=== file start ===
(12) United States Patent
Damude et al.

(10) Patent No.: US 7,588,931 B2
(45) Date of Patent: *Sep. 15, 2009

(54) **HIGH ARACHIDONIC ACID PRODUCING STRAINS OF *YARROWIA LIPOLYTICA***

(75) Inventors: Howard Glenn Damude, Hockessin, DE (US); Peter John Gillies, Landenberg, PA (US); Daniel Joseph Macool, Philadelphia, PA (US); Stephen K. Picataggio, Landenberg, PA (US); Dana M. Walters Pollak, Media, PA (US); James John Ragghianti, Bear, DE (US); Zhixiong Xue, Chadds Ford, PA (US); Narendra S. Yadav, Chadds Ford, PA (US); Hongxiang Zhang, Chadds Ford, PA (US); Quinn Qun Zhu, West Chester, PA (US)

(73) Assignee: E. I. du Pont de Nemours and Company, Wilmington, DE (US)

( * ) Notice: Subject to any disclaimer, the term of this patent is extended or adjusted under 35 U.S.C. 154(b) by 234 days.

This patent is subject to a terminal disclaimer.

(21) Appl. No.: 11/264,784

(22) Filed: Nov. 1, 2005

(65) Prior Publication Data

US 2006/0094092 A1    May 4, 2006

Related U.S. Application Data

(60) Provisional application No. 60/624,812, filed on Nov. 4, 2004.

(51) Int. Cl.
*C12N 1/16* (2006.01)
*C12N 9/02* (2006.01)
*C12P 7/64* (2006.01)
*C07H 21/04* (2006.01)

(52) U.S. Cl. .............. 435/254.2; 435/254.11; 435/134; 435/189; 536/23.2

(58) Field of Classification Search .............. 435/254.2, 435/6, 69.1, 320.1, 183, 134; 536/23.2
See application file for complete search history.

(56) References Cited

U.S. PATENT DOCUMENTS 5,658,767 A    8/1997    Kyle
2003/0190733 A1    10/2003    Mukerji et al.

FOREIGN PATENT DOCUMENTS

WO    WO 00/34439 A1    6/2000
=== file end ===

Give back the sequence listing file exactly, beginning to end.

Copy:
(12) United States Patent
Damude et al.

(10) Patent No.: US 7,588,931 B2
(45) Date of Patent: *Sep. 15, 2009

(54) **HIGH ARACHIDONIC ACID PRODUCING STRAINS OF *YARROWIA LIPOLYTICA***

(75) Inventors: Howard Glenn Damude, Hockessin, DE (US); Peter John Gillies, Landenberg, PA (US); Daniel Joseph Macool, Philadelphia, PA (US); Stephen K. Picataggio, Landenberg, PA (US); Dana M. Walters Pollak, Media, PA (US); James John Ragghianti, Bear, DE (US); Zhixiong Xue, Chadds Ford, PA (US); Narendra S. Yadav, Chadds Ford, PA (US); Hongxiang Zhang, Chadds Ford, PA (US); Quinn Qun Zhu, West Chester, PA (US)

(73) Assignee: E. I. du Pont de Nemours and Company, Wilmington, DE (US)

( * ) Notice: Subject to any disclaimer, the term of this patent is extended or adjusted under 35 U.S.C. 154(b) by 234 days.

This patent is subject to a terminal disclaimer.

(21) Appl. No.: 11/264,784

(22) Filed: Nov. 1, 2005

(65) Prior Publication Data

US 2006/0094092 A1    May 4, 2006

Related U.S. Application Data

(60) Provisional application No. 60/624,812, filed on Nov. 4, 2004.

(51) Int. Cl.
*C12N 1/16* (2006.01)
*C12N 9/02* (2006.01)
*C12P 7/64* (2006.01)
*C07H 21/04* (2006.01)

(52) U.S. Cl. .............. 435/254.2; 435/254.11; 435/134; 435/189; 536/23.2

(58) Field of Classification Search .............. 435/254.2, 435/6, 69.1, 320.1, 183, 134; 536/23.2
See application file for complete search history.

(56) References Cited

U.S. PATENT DOCUMENTS 5,658,767 A    8/1997    Kyle
2003/0190733 A1    10/2003    Mukerji et al.

FOREIGN PATENT DOCUMENTS

WO    WO 00/34439 A1    6/2000